Updated: Dec. 02, 2015
How is history shaped by hatred, indifference, and denial, as well as by caring, compassion, and responsibility? Grounded in the study of Jewish ethics and values, Facing History and Ourselves' online course, Holocaust and Human Behavior Online Course for Educators in a Jewish Setting, examines the range of choices that led to the failure of democracy in Germany and ultimately to the persecution of millions of Jews and other targeted groups. Participants will investigate the connection between Jewish history and identity, the moral questions inherent in everyday life, and how we as individuals and members of groups can make a difference in the world today.
Updated: Oct. 07, 2015
Teacher Autonomy Within a Flexible National Curriculum: Development of Shoah (Holocaust) Education in Israeli State Schools
This article considers the role of teacher agency and curricular flexibility as pedagogic features of Shoah education in Israeli state schools. The analysis is based on a recent national study which included a quantitative survey (questionnaires), qualitative methods (focus groups, interviews, observations) and a socio-historical review. As teaching of this subject has expanded in both religious and general streams of the Hebrew-language state school system, it has been addressed in diverse ways in terms of method, materials and content.
Updated: Sep. 21, 2015
Students Perform The Mitzvah of Posterity in Recording Holocaust Survivor Testimony in Yeshiva University High School Project ‘Names, Not Numbers’ Project
Each Holocaust survivor’s story is as unique as a snowflake, every testimonial a vital contribution to history. And, as in the case of the program “Names, Not Numbers” in which elderly survivors relate their first-hand accounts to high school volunteers, the survivors are assured that their own history is now personal for a new generation. Founded by Tova Rosenberg, the Yeshiva University High School’s oral history project teaches students about the Holocaust through hands-on research, filming, and editing. But more than that, the program instills the students with a sense of duty. As the last generation who will personally meet survivors and World War II veterans, they have become their memory keepers.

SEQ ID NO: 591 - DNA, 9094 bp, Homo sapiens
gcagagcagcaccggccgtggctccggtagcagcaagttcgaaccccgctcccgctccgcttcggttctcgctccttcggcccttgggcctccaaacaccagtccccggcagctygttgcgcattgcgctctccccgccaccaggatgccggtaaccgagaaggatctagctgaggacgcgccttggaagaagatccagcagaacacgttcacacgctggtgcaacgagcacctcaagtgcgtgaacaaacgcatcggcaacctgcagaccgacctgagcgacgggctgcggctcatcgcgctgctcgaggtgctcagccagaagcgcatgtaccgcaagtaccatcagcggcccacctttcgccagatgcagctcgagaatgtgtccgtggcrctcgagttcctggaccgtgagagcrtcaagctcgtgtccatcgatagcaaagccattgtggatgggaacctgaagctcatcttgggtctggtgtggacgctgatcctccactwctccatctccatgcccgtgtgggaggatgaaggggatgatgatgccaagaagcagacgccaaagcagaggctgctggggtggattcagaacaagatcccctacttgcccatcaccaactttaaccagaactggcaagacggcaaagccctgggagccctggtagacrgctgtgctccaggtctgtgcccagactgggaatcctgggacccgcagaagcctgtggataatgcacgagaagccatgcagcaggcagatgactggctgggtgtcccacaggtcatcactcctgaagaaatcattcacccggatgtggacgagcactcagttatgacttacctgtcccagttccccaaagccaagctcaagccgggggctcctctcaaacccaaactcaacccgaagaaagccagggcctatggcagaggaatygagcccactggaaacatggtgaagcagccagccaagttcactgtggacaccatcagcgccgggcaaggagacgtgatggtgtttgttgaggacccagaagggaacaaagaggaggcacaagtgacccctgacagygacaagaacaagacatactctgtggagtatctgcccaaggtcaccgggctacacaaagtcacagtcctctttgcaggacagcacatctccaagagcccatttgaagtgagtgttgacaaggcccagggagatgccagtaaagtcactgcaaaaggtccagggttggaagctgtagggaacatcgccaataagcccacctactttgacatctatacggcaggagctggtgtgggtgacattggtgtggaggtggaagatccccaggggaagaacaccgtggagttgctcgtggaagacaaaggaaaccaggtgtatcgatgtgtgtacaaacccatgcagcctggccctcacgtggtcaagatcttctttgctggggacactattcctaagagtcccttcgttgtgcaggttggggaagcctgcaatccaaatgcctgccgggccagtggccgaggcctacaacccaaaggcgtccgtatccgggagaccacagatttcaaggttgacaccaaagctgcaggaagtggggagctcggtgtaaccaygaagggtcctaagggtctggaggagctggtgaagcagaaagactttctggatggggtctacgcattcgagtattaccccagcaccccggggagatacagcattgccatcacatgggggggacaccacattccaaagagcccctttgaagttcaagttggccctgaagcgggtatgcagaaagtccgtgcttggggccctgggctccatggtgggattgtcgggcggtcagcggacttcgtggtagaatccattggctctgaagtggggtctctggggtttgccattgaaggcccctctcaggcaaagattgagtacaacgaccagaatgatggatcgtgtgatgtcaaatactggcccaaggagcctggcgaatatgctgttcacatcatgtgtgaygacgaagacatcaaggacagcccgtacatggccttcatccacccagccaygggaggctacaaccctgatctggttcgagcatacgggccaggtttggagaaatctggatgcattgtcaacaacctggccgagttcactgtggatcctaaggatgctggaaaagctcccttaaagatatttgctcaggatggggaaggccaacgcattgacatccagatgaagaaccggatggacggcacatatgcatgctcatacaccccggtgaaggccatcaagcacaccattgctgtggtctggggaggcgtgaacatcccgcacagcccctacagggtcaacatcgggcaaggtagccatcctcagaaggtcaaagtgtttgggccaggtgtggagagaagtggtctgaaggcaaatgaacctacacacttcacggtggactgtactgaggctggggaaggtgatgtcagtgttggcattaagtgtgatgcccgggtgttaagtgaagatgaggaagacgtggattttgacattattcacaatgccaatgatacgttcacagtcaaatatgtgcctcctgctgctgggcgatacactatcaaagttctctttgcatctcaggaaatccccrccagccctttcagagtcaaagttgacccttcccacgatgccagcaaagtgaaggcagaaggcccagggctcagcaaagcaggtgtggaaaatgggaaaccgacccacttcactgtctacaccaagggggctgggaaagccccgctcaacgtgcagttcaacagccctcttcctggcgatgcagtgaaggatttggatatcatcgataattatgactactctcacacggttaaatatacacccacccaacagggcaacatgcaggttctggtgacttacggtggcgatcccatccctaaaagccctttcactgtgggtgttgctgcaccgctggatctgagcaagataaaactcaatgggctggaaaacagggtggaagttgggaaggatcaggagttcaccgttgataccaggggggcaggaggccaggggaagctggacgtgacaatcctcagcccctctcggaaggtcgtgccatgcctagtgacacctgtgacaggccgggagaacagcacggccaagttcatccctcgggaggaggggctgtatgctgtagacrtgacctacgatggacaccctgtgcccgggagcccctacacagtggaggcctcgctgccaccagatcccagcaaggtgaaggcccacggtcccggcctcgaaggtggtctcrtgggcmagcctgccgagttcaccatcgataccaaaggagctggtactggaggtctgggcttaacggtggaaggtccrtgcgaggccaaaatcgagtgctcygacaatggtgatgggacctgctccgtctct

Updated: Sep. 16, 2015
Teaching the Legacy #33 - e-Newsletter for Holocaust Educators – Liberation and the Return to Life – Marking 70 Years since the End of World War II
The 33rd issue of Teaching the Legacy, e-newsletter for Holocaust Educators has just been released. This year marks 70 years since the end of World War II. As such, we have dedicated this newsletter to liberation and the return to life. As the German army retreated during the last months of the war, the Allied soldiers discovered tens of thousands of Nazi concentration camps. Soviet soldiers were the first to liberate concentration camp prisoners in the summer of 1944. The first major concentration camp they liberated was Majdanek near Lublin in Poland. When they liberated Auschwitz in January 1945, Soviet soldiers found only several thousand emaciated prisoners alive who resembled skeletons. The months and years of abuse, violence, brutality, forced labor, disease, horrifying sanitary conditions and the lack of food made many so weak that they could hardly move. Those who survived the first weeks after liberation faced a long and difficult return to life.
Updated: Sep. 09, 2015